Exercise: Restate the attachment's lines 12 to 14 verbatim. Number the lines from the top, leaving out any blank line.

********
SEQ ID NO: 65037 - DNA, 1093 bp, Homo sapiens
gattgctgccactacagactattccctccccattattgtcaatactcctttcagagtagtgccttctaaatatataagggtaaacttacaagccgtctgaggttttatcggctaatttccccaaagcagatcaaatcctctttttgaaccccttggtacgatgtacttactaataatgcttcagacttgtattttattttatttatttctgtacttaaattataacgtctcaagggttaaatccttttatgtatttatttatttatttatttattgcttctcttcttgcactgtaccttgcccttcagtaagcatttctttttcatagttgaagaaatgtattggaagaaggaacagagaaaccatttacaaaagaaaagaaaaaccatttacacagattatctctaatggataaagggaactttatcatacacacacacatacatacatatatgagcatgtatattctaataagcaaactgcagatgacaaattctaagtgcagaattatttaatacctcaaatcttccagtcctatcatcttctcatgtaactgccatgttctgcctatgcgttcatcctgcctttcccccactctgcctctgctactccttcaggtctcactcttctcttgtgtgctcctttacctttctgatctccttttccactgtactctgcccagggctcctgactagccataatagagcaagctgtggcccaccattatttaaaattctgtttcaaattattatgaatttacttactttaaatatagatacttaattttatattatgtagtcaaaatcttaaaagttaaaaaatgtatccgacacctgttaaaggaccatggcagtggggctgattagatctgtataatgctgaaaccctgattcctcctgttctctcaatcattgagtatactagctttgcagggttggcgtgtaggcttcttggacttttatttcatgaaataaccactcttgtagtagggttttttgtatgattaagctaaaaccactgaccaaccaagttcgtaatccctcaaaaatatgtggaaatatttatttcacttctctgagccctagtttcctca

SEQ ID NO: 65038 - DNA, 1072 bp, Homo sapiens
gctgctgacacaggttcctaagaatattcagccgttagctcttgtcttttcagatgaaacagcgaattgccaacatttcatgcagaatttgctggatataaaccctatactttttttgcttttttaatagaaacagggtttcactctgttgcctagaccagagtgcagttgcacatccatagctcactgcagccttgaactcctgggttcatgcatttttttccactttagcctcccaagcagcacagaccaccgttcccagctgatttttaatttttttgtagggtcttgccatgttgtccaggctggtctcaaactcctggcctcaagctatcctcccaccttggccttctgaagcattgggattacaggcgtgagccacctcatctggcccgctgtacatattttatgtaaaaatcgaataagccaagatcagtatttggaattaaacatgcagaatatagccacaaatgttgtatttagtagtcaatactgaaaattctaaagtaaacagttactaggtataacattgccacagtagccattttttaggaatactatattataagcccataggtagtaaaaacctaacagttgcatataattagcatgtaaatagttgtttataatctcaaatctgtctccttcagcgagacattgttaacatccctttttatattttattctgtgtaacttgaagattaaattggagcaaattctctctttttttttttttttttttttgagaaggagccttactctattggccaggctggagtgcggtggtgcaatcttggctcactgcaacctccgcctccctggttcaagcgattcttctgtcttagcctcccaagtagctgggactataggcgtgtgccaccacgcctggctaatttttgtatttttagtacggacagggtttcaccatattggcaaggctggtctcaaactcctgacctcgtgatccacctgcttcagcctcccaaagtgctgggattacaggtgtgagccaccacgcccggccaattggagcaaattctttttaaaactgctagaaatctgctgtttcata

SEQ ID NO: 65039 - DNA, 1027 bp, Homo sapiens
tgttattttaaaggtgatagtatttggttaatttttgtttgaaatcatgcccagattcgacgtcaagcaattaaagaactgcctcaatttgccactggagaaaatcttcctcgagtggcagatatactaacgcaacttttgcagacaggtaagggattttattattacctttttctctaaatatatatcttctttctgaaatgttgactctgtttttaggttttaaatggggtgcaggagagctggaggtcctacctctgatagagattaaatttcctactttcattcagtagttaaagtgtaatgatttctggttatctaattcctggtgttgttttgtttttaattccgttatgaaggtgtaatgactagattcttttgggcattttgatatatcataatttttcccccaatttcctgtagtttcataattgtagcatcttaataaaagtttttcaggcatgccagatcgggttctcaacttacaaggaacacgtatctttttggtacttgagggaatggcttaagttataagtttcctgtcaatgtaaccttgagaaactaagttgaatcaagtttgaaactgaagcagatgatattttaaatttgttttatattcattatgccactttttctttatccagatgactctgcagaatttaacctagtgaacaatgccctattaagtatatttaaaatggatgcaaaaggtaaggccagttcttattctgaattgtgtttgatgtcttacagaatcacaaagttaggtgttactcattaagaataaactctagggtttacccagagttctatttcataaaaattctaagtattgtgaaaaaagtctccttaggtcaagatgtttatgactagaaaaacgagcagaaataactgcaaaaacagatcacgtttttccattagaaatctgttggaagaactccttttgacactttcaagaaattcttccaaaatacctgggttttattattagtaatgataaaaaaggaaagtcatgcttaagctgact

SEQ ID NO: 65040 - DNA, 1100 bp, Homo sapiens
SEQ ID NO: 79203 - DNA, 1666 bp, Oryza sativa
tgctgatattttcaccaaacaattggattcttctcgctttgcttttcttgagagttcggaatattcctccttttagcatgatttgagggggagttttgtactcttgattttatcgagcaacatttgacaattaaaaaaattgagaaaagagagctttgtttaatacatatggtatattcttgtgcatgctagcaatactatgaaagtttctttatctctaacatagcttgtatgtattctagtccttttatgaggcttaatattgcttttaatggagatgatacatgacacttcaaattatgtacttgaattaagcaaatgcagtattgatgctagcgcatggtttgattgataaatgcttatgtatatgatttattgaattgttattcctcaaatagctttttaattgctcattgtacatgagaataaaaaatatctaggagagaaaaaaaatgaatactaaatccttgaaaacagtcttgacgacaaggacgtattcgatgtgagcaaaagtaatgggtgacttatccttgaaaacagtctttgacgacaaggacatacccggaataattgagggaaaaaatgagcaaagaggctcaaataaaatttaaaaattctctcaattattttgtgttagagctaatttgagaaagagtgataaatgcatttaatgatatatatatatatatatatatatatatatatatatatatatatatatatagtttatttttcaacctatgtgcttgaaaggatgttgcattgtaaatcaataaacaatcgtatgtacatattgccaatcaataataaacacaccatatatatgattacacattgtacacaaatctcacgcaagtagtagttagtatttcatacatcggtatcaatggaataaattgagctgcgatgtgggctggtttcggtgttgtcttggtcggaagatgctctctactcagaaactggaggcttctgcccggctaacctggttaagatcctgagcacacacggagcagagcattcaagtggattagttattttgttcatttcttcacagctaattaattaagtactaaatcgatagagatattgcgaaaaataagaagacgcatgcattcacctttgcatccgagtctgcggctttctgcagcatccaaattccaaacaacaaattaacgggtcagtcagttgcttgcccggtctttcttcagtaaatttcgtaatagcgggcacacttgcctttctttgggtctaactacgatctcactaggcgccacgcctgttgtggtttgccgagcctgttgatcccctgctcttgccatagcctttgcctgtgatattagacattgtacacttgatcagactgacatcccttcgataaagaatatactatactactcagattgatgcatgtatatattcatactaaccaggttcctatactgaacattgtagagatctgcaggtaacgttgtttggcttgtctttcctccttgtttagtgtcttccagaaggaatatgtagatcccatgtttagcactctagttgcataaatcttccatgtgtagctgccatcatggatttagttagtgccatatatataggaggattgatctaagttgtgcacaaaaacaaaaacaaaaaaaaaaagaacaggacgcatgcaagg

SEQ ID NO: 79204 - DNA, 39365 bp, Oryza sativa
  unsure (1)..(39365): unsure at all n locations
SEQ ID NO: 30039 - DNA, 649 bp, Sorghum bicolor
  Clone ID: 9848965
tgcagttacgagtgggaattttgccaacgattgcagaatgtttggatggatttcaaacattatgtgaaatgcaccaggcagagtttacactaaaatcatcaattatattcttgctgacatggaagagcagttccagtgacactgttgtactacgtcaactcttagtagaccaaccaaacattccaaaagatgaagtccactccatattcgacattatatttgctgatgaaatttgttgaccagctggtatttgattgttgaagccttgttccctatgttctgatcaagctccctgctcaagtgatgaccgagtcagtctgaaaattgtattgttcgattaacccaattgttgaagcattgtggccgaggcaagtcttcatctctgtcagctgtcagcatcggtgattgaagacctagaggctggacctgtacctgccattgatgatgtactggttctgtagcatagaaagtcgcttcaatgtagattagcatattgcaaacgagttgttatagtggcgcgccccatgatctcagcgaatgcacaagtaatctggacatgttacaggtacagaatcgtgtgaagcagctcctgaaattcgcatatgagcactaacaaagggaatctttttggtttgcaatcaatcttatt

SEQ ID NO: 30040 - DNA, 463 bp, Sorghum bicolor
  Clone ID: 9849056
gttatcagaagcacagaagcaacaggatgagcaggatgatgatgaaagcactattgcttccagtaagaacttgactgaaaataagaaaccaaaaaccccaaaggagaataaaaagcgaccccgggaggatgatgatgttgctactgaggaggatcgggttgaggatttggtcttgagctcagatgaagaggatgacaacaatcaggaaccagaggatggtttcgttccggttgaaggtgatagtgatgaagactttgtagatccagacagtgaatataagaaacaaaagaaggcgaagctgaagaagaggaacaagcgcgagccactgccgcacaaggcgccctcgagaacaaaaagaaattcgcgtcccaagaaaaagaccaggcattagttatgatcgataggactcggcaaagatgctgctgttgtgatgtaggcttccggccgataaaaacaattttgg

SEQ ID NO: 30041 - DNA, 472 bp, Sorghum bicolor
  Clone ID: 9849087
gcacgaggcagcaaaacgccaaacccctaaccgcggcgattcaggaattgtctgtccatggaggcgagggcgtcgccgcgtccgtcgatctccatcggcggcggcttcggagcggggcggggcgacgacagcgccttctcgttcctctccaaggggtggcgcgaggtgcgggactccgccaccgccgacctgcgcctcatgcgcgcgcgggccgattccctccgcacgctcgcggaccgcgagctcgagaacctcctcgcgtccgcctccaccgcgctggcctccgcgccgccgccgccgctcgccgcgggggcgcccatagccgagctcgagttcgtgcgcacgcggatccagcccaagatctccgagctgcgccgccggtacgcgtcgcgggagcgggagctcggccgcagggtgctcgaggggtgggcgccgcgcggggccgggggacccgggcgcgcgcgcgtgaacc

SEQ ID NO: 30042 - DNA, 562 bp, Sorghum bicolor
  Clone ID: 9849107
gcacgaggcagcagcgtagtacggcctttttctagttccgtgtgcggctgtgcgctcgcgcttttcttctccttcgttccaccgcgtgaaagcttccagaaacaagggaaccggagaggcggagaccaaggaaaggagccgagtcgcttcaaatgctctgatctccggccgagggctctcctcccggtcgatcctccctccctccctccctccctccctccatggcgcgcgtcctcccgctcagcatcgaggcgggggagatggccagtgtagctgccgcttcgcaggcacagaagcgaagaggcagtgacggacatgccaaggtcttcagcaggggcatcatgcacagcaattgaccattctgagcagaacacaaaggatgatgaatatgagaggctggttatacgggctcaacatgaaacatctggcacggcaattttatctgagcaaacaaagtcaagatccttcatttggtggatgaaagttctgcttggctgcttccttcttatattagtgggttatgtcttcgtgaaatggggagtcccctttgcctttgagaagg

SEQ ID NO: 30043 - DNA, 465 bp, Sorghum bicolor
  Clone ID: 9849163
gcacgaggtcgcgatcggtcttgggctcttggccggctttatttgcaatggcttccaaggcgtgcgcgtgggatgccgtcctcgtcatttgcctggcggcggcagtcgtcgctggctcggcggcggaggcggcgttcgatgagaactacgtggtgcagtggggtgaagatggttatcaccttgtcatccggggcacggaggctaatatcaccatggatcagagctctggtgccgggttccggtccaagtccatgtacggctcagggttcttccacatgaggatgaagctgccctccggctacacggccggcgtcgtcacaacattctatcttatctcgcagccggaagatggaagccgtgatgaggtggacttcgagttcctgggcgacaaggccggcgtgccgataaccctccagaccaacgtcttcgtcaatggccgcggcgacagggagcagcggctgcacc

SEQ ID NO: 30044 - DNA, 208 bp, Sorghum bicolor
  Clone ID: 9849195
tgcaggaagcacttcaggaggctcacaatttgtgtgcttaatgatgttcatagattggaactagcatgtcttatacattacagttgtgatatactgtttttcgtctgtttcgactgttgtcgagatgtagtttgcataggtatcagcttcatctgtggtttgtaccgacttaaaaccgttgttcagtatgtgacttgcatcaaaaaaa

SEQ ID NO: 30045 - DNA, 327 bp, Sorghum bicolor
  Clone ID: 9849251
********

SEQ ID NO: 30039 - DNA, 649 bp, Sorghum bicolor
  Clone ID: 9848965
tgcagttacgagtgggaattttgccaacgattgcagaatgtttggatggatttcaaacattatgtgaaatgcaccaggcagagtttacactaaaatcatcaattatattcttgctgacatggaagagcagttccagtgacactgttgtactacgtcaactcttagtagaccaaccaaacattccaaaagatgaagtccactccatattcgacattatatttgctgatgaaatttgttgaccagctggtatttgattgttgaagccttgttccctatgttctgatcaagctccctgctcaagtgatgaccgagtcagtctgaaaattgtattgttcgattaacccaattgttgaagcattgtggccgaggcaagtcttcatctctgtcagctgtcagcatcggtgattgaagacctagaggctggacctgtacctgccattgatgatgtactggttctgtagcatagaaagtcgcttcaatgtagattagcatattgcaaacgagttgttatagtggcgcgccccatgatctcagcgaatgcacaagtaatctggacatgttacaggtacagaatcgtgtgaagcagctcctgaaattcgcatatgagcactaacaaagggaatctttttggtttgcaatcaatcttatt